Today We're the Greatest
Why This Album Matters:
Like a shaft of sunlight at the end of an interminable tunnel, the Australian trio's second, cautiously upbeat album is well-timed for 2021, as the world slowly emerges from lockdowns and contemplates the future. Middle Kids' new songs are exuberant, even when they grapple with thorny topics. Tilting away from the raucous cheer of their debut album, 2018's Lost Friends, bandmates Hannah Joy, Tim Fitz, and Harry Day take a more nuanced approach on this sophomore album, swaying between densely layered, shimmering anthems ("Questions," "Run With You") and pensive, wistful ballads ("Today We're the Greatest," "Lost in Los Angeles").
In Their Own Words:
“It’s how we felt when we were making it,” Hannah Joy told the NME this year, explaining the free nature of the album, “now, that freedom feels more vulnerable. We don’t really know where this record fits or what genre it is but you have to take that risk. If you want to express yourself freely, you have to risk it being rejected or creating something not good.”
Joy explained to the NME that Today We're the Greatest is “a positive record with a lot of everything. It’s a declaration that when life is gnarly or boring, which it is for everyone a lot of the time, it’s still great. Owning the messy bits, the dull bits and all the amazing, beautiful bits, that’s when we’re great.”
"I just feel the more I make music, the more I find there is space for both joy and sorrow," said Joy in an interview with MTV Australia. "I think that our music actually has a lot of that. On one hand, it is a very wonderful proclamation of hope, and then on the other hand, there can be underlying or even quite overt pain or confusion or angst. I think it's cool how music can encapsulate both of those things, and I think that's something I love about our music. It isn't shiny, but it is definitely quite positive a lot of the time without ignoring wounds and what we carry with us."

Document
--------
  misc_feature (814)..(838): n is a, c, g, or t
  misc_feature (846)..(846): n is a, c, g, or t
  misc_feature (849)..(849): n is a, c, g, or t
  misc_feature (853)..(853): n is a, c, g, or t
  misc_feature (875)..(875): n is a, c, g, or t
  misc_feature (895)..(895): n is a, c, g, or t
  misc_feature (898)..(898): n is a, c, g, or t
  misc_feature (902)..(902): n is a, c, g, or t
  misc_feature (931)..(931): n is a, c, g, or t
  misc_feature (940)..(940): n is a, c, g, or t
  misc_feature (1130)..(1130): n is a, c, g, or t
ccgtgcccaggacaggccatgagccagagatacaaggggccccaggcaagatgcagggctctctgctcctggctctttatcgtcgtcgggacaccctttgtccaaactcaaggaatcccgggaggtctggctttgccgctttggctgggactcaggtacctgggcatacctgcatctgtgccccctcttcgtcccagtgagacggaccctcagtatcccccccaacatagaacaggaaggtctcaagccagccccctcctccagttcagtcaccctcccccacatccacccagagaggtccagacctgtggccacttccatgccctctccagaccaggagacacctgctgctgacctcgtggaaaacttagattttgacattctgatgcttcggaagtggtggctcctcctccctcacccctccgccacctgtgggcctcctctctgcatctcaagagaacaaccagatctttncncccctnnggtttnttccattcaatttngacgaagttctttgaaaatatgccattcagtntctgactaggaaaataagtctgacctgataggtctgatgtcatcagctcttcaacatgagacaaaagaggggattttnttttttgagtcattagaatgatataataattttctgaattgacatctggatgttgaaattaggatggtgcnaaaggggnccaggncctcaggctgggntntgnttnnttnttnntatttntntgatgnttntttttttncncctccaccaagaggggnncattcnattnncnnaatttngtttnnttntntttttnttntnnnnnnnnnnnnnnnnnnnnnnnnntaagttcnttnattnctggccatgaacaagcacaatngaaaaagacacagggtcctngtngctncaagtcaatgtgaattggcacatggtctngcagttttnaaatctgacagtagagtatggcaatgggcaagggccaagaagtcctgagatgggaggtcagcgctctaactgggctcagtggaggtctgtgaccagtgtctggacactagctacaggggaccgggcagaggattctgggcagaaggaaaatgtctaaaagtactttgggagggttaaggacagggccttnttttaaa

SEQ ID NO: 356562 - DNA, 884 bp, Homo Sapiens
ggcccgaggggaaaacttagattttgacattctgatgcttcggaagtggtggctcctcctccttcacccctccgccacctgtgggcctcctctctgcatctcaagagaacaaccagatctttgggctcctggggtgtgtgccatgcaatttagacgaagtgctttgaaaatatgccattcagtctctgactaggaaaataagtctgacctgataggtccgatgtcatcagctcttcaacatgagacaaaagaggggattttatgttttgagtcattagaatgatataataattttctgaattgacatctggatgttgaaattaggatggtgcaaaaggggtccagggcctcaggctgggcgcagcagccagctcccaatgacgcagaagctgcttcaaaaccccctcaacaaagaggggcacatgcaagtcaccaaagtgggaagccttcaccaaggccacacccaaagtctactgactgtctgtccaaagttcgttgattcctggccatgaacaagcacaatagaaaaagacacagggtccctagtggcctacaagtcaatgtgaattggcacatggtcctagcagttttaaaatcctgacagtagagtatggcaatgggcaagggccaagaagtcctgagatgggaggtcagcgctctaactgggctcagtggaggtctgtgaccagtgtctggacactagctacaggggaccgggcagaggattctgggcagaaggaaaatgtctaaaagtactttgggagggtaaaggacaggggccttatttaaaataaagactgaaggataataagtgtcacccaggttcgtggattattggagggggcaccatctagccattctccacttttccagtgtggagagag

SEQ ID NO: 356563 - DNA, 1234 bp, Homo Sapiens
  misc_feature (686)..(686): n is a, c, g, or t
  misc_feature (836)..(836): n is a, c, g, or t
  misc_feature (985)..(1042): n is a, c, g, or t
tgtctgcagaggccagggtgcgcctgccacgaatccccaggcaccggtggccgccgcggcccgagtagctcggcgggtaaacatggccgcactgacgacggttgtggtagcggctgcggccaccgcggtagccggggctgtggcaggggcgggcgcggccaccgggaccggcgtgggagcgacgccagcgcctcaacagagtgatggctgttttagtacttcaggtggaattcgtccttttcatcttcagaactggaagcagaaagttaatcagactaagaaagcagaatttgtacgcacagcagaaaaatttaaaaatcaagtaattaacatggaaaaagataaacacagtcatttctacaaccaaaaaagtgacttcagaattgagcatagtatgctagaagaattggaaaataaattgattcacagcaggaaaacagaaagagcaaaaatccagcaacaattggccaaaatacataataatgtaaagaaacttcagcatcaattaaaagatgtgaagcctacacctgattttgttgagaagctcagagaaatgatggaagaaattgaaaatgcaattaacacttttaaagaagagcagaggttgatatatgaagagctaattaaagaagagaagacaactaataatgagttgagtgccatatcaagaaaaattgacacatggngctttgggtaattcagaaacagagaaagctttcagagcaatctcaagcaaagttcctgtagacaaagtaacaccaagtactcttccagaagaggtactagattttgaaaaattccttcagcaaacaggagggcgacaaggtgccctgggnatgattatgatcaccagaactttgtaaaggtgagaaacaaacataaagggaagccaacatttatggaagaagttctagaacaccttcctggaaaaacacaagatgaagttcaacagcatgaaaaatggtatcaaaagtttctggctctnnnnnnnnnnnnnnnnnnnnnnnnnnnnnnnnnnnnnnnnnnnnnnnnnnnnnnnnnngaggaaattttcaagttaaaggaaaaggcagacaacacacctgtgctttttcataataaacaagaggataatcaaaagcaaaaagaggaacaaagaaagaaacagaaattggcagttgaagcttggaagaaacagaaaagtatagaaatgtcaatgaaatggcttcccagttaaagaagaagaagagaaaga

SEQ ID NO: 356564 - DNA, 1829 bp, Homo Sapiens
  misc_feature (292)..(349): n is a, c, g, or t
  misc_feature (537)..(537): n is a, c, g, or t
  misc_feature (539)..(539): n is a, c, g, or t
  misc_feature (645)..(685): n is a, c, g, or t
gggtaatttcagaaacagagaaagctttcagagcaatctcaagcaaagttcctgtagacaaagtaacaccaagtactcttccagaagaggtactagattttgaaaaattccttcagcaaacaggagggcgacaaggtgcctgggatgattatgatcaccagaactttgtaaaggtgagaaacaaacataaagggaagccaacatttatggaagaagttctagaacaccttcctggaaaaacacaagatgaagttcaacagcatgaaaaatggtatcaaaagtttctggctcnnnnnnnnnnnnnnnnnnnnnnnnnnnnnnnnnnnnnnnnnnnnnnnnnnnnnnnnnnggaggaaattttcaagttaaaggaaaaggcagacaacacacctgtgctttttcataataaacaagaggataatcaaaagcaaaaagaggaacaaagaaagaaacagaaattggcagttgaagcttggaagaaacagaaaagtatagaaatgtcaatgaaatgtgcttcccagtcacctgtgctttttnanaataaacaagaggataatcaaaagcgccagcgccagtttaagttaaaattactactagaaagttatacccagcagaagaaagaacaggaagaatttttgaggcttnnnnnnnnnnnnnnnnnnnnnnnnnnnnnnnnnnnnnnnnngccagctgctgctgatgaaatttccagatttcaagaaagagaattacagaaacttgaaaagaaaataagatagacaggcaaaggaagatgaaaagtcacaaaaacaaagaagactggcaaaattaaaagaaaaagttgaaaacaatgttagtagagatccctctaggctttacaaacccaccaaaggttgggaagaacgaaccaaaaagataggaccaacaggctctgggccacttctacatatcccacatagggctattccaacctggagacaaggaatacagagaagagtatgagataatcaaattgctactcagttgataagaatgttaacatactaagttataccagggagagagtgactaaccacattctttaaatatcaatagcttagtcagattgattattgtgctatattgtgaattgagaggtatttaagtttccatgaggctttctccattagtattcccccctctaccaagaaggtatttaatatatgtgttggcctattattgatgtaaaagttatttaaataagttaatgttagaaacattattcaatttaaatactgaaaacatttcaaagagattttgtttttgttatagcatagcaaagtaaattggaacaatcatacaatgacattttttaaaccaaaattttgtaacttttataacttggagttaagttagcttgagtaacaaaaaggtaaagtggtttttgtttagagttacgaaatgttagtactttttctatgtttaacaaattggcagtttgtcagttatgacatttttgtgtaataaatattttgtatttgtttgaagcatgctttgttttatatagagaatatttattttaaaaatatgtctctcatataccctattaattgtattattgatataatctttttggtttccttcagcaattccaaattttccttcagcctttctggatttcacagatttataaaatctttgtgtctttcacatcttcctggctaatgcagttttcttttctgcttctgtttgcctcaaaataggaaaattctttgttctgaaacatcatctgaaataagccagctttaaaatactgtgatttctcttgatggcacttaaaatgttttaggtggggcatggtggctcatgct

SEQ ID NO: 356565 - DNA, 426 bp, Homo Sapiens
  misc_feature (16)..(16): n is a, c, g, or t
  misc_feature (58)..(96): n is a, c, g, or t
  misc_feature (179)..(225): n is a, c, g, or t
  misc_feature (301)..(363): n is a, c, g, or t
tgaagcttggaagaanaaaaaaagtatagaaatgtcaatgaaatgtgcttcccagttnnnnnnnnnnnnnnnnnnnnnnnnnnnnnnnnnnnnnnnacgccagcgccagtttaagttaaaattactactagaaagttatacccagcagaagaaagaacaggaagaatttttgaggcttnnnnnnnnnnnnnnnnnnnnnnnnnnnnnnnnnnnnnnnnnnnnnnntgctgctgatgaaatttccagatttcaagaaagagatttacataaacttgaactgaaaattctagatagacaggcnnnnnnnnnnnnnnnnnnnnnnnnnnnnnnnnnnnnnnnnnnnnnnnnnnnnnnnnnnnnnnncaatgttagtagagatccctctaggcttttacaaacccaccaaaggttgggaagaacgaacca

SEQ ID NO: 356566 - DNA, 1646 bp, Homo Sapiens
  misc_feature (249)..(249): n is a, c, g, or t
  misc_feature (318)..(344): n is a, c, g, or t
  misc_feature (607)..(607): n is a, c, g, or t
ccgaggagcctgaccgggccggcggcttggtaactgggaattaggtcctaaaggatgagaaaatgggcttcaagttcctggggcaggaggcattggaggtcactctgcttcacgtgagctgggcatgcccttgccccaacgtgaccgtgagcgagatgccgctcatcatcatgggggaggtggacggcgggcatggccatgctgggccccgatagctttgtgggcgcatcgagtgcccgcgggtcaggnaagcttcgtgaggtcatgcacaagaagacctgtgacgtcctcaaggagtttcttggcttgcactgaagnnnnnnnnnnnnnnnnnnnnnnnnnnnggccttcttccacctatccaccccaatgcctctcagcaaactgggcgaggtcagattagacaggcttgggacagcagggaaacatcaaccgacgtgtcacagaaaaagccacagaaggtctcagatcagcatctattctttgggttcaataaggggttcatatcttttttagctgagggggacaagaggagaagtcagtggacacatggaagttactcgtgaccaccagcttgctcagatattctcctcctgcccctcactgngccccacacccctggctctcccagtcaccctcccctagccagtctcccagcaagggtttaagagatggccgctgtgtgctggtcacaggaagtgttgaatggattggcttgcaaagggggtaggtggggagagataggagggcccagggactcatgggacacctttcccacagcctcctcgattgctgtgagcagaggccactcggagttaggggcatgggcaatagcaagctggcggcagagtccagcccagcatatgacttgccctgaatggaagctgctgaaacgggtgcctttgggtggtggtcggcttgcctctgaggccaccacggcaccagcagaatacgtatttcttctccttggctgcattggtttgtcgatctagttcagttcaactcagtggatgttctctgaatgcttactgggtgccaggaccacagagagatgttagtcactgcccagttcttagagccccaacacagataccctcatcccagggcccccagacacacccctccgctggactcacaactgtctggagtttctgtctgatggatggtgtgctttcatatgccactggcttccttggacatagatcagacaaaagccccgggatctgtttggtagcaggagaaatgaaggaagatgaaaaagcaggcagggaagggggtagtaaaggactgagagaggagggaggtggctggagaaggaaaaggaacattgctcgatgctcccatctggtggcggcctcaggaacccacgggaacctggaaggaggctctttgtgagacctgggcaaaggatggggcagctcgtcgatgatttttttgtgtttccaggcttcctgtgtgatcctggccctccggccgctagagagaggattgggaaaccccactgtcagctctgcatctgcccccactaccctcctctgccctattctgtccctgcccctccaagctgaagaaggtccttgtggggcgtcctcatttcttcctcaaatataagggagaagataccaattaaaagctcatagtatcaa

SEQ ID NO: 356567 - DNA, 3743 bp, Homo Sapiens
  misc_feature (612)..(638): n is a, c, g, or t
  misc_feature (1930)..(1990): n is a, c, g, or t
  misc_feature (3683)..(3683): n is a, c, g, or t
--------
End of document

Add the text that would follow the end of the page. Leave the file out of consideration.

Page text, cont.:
Why You Will Dig Middle Kids' Today We're the Greatest:
Whereas a debut album is often diaristic, encompassing a band's life experience, and the second album more of an "on the road" experience, Middle Kids mix up both here. While many of the new songs evolved while touring, as the trio supported their debut album and their 2019 EP, New Songs for Old Problems, there's romantic and personal archeology here, as Joy released herself from constraints and revealed more of her own anxieties. There is a deliciously woozy splash of Cocteau Twins informing Middle Kids' production mindset too — especially in the shoegazey filigree of guitar effects and Joy's heaven-bound vocals — and that's a very good thing. Lyrically, songs vacillate between fury, regret, and desire, all multifaceted apologies and apogees where love's concerned.
Recommended If You Like:
The Beths, The Joy Formidable, Cocteau Twins, Cold War Kids, Beirut, Wolf Alice, Angel Olsen, Hatchie, Phoenix.
- Joy and Fitz's first child was born shortly after recording on Today We're the Greatest was completed and Joy recorded the album while heavily pregnant with their son in the fall of 2019. In fact, the baby, who has the summery name of Sunny, makes his first recorded appearance on the album — his heartbeat in utero, sampled from an ultrasound, lands in "Run With You."
- A radio edit of the rocking "I Don't Care" might be tough. The word "f**king," which appears in the chorus, is repeated 24 times.
- Although Fitz produced the band's debut album, for their second outing, the band collaborated with producer Lars Stalfors (St. Vincent, Soccer Mommy) whom they met through Cold War Kids, their friends and former tour mates.
- Middle Kids traveled to Los Angeles to record the album — previously they'd recorded their debut and EPs at home — and wrapped the sessions in just two weeks. Had it not been for the pandemic, the Sydney trio would have relocated to L.A. this year, a more convenient base for touring.
Listen to a brand new "Marquee Live at Home" with Middle Kids, recorded from their Sydney studio, this Tuesday night, April 6, at 9pm on 90.7, streaming online, and available on demand.